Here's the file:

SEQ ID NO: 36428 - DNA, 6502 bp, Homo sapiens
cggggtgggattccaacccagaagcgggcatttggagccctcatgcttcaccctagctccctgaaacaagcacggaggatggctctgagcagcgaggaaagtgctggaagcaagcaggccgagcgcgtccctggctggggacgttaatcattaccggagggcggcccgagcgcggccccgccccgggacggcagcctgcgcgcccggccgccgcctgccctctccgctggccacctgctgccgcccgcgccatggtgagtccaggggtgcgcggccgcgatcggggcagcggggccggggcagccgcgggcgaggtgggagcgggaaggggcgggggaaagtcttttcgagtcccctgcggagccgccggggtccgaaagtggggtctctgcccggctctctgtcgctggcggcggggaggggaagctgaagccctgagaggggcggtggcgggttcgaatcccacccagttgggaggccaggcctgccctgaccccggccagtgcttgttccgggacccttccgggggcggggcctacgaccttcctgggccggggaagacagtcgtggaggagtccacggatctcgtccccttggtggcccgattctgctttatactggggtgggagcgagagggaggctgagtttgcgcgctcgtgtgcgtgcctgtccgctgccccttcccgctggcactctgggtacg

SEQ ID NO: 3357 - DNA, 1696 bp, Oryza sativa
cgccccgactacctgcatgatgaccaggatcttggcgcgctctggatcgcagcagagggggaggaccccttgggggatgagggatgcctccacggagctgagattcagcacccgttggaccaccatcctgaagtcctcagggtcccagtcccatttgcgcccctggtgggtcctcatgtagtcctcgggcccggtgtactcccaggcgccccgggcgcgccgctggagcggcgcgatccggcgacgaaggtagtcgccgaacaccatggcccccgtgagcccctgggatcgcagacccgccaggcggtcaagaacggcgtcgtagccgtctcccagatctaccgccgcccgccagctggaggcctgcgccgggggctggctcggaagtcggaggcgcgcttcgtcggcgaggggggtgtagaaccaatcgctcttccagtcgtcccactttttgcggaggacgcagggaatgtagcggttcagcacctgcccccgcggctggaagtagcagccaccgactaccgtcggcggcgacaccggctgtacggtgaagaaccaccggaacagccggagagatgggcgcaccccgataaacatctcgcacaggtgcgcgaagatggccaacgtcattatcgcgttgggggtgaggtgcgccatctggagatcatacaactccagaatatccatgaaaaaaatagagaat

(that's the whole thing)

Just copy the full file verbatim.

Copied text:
SEQ ID NO: 36428 - DNA, 6502 bp, Homo sapiens
cggggtgggattccaacccagaagcgggcatttggagccctcatgcttcaccctagctccctgaaacaagcacggaggatggctctgagcagcgaggaaagtgctggaagcaagcaggccgagcgcgtccctggctggggacgttaatcattaccggagggcggcccgagcgcggccccgccccgggacggcagcctgcgcgcccggccgccgcctgccctctccgctggccacctgctgccgcccgcgccatggtgagtccaggggtgcgcggccgcgatcggggcagcggggccggggcagccgcgggcgaggtgggagcgggaaggggcgggggaaagtcttttcgagtcccctgcggagccgccggggtccgaaagtggggtctctgcccggctctctgtcgctggcggcggggaggggaagctgaagccctgagaggggcggtggcgggttcgaatcccacccagttgggaggccaggcctgccctgaccccggccagtgcttgttccgggacccttccgggggcggggcctacgaccttcctgggccggggaagacagtcgtggaggagtccacggatctcgtccccttggtggcccgattctgctttatactggggtgggagcgagagggaggctgagtttgcgcgctcgtgtgcgtgcctgtccgctgccccttcccgctggcactctgggtacg

SEQ ID NO: 3357 - DNA, 1696 bp, Oryza sativa
cgccccgactacctgcatgatgaccaggatcttggcgcgctctggatcgcagcagagggggaggaccccttgggggatgagggatgcctccacggagctgagattcagcacccgttggaccaccatcctgaagtcctcagggtcccagtcccatttgcgcccctggtgggtcctcatgtagtcctcgggcccggtgtactcccaggcgccccgggcgcgccgctggagcggcgcgatccggcgacgaaggtagtcgccgaacaccatggcccccgtgagcccctgggatcgcagacccgccaggcggtcaagaacggcgtcgtagccgtctcccagatctaccgccgcccgccagctggaggcctgcgccgggggctggctcggaagtcggaggcgcgcttcgtcggcgaggggggtgtagaaccaatcgctcttccagtcgtcccactttttgcggaggacgcagggaatgtagcggttcagcacctgcccccgcggctggaagtagcagccaccgactaccgtcggcggcgacaccggctgtacggtgaagaaccaccggaacagccggagagatgggcgcaccccgataaacatctcgcacaggtgcgcgaagatggccaacgtcattatcgcgttgggggtgaggtgcgccatctggagatcatacaactccagaatatccatgaaaaaaatagagaat